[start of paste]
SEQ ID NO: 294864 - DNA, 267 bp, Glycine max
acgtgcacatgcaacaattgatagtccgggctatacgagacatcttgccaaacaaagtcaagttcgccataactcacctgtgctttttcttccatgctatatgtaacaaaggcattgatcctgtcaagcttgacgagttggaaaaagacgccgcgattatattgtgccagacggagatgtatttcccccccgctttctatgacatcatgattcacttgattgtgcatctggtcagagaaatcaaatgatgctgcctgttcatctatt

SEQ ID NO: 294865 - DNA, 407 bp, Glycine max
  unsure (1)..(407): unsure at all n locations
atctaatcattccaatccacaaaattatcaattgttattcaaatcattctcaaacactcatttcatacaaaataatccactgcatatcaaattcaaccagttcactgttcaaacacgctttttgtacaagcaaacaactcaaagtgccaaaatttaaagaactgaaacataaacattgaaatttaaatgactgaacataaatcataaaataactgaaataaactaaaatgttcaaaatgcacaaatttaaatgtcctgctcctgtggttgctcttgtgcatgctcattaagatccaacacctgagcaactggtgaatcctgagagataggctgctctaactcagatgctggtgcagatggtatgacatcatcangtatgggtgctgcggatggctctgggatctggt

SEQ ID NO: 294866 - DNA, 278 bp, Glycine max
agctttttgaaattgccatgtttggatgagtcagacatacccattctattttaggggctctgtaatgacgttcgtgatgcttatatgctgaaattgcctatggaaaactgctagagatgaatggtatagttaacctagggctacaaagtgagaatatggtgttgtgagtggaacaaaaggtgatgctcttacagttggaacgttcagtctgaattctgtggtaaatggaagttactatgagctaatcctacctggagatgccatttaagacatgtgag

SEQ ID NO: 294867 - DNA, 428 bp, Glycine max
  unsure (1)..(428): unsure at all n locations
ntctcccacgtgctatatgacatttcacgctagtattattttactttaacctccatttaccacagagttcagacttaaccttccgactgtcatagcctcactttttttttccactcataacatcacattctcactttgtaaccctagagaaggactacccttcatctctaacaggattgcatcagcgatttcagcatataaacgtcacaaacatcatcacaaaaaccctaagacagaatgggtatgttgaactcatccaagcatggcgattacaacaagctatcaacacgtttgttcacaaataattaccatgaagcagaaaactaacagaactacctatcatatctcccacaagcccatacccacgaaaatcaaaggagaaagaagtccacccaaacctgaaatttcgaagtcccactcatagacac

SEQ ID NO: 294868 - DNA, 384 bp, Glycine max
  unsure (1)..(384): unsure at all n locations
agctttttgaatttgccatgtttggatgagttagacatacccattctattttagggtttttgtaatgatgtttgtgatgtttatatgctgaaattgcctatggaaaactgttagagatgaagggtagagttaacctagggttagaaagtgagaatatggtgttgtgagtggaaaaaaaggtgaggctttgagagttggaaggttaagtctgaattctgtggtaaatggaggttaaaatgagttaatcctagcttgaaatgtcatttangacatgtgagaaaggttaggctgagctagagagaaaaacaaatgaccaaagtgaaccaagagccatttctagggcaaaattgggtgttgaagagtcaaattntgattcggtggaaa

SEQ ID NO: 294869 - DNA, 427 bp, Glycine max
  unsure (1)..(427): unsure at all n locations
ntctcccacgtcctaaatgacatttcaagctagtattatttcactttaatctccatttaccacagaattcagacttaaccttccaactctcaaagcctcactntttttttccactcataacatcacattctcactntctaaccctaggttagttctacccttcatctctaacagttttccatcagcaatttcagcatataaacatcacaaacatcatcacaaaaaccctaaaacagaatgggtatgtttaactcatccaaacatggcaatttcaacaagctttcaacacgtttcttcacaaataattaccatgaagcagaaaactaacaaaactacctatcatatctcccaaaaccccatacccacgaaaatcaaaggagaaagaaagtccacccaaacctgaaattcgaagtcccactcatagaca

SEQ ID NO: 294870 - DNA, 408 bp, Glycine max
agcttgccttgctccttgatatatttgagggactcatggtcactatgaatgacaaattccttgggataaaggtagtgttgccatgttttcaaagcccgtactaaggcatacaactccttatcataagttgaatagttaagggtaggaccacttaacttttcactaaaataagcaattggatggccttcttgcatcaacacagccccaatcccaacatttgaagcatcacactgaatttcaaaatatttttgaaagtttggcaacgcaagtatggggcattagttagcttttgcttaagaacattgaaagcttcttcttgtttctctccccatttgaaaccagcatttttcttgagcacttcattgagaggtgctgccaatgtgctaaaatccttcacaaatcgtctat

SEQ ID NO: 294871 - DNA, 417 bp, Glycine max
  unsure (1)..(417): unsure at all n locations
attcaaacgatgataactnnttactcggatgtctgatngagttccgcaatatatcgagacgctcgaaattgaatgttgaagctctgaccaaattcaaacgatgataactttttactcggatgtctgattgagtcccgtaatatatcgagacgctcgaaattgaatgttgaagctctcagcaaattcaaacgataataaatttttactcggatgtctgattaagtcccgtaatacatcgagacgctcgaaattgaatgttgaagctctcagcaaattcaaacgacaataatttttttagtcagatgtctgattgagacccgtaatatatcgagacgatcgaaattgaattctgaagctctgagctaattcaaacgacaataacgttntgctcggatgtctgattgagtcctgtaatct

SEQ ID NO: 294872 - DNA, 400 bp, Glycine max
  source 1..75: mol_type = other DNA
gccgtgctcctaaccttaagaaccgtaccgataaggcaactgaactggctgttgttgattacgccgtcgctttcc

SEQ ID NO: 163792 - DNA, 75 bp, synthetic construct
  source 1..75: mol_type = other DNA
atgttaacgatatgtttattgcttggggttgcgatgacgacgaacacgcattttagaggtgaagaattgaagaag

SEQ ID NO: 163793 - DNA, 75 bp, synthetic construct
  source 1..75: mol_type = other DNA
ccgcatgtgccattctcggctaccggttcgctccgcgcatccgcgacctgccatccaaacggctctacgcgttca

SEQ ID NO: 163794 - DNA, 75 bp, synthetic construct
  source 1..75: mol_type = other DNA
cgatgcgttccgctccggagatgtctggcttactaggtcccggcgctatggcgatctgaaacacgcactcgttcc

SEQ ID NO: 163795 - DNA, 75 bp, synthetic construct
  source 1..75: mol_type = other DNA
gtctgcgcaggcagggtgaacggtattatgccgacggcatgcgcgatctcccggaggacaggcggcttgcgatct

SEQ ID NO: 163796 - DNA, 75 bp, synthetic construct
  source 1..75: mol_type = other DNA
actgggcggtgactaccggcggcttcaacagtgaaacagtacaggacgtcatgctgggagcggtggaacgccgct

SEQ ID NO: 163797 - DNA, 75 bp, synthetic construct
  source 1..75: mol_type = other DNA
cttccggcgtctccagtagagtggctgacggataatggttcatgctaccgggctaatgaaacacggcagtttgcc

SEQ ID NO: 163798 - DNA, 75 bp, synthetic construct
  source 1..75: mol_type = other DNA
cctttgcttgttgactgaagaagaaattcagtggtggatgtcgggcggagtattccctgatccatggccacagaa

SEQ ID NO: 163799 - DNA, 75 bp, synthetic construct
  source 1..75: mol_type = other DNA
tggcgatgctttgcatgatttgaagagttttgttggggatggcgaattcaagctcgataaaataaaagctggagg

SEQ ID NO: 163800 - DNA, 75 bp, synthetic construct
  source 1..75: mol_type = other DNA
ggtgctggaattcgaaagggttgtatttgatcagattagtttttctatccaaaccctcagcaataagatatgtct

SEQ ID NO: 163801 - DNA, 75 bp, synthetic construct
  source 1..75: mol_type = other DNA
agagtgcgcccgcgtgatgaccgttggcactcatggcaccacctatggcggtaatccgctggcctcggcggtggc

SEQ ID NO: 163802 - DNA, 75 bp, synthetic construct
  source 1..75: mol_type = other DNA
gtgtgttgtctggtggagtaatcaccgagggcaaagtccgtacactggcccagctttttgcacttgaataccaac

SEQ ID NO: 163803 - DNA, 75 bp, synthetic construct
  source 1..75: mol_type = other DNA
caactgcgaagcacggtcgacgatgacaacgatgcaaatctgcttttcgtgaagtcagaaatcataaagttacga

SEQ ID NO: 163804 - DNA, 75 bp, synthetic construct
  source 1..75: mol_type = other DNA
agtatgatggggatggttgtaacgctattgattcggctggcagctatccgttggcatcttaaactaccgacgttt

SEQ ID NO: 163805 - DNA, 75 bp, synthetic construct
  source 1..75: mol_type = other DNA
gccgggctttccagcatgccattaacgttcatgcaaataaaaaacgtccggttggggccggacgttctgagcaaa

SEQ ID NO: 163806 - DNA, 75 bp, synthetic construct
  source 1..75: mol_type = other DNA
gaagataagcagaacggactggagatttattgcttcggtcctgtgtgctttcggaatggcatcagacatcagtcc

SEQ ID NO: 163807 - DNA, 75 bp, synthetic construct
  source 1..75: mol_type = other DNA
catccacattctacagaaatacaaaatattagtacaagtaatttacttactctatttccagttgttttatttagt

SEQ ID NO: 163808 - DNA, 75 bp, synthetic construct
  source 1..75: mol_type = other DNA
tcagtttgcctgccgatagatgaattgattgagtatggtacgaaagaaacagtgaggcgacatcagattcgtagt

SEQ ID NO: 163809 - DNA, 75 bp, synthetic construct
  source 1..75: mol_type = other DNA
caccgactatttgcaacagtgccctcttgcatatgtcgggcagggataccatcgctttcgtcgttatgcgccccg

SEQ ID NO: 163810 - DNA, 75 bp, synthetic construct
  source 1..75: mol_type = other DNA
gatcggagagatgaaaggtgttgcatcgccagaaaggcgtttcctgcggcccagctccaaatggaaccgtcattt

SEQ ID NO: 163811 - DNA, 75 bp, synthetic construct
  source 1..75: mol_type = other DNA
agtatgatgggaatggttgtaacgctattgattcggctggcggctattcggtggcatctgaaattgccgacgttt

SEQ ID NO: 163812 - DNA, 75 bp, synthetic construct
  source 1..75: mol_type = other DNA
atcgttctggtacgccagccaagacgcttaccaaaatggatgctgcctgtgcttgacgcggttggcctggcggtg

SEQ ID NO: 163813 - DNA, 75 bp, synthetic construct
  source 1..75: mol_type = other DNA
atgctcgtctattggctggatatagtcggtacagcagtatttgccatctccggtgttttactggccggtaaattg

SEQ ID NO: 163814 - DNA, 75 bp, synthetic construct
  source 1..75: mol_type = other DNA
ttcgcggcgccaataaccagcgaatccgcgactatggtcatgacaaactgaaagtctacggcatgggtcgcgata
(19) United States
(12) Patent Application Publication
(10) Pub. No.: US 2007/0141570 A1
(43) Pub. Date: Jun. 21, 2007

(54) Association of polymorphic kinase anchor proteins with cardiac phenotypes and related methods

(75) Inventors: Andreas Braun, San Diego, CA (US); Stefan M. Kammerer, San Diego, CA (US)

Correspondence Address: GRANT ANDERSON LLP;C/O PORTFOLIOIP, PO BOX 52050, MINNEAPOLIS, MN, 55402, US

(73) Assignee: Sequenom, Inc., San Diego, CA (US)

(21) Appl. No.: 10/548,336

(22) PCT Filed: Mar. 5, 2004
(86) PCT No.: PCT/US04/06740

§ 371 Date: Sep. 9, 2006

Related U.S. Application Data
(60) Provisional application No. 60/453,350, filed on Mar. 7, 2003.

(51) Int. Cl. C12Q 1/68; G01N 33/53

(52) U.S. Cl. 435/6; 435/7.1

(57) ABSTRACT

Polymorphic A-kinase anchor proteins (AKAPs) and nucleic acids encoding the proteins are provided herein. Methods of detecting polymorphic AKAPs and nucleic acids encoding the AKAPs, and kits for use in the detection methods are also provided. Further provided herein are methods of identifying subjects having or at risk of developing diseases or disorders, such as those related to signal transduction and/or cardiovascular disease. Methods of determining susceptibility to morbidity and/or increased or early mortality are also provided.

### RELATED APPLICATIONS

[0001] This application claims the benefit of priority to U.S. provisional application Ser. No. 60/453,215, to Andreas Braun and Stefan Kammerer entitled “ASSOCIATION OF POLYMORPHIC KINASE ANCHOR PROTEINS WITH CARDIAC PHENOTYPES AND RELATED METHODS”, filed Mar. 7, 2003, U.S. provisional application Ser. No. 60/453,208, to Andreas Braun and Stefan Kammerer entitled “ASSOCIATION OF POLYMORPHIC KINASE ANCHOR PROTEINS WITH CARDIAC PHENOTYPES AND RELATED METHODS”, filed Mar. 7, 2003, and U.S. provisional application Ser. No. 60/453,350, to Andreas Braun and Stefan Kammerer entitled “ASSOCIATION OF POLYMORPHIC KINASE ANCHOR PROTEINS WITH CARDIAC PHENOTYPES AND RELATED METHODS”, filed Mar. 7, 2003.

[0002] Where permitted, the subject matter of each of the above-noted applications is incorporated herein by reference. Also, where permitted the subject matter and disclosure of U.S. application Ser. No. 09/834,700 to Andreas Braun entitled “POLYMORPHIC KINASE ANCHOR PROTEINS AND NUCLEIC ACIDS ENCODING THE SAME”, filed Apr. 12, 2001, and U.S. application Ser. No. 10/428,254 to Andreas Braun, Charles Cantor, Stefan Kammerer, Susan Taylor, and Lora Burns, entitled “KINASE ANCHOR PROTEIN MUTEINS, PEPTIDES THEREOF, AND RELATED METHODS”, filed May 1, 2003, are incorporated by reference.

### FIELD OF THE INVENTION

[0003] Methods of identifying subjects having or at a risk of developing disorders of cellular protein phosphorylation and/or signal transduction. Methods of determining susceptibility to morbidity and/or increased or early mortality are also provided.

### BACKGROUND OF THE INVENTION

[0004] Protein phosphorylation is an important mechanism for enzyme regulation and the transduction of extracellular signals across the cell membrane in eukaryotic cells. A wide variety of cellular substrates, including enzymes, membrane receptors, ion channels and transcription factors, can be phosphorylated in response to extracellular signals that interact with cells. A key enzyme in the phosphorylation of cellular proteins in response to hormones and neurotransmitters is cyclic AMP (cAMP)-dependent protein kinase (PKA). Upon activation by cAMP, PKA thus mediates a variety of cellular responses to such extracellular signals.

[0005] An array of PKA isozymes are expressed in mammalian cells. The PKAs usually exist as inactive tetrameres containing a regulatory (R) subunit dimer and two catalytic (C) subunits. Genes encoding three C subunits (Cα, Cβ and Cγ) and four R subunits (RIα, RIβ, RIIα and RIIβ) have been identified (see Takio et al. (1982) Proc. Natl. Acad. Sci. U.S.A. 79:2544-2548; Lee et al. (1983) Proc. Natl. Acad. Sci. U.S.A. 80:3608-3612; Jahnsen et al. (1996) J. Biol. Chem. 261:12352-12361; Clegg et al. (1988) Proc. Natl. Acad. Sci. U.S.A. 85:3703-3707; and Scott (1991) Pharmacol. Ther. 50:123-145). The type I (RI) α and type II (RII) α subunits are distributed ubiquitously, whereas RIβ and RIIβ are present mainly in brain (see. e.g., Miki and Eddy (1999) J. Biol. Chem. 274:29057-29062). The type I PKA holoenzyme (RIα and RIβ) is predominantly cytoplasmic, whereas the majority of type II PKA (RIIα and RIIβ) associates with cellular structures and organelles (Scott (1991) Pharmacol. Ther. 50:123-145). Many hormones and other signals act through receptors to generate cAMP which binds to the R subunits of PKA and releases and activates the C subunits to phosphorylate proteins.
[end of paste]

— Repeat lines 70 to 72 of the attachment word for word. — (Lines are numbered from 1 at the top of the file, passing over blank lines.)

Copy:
SEQ ID NO: 163807 - DNA, 75 bp, synthetic construct
  source 1..75: mol_type = other DNA
catccacattctacagaaatacaaaatattagtacaagtaatttacttactctatttccagttgttttatttagt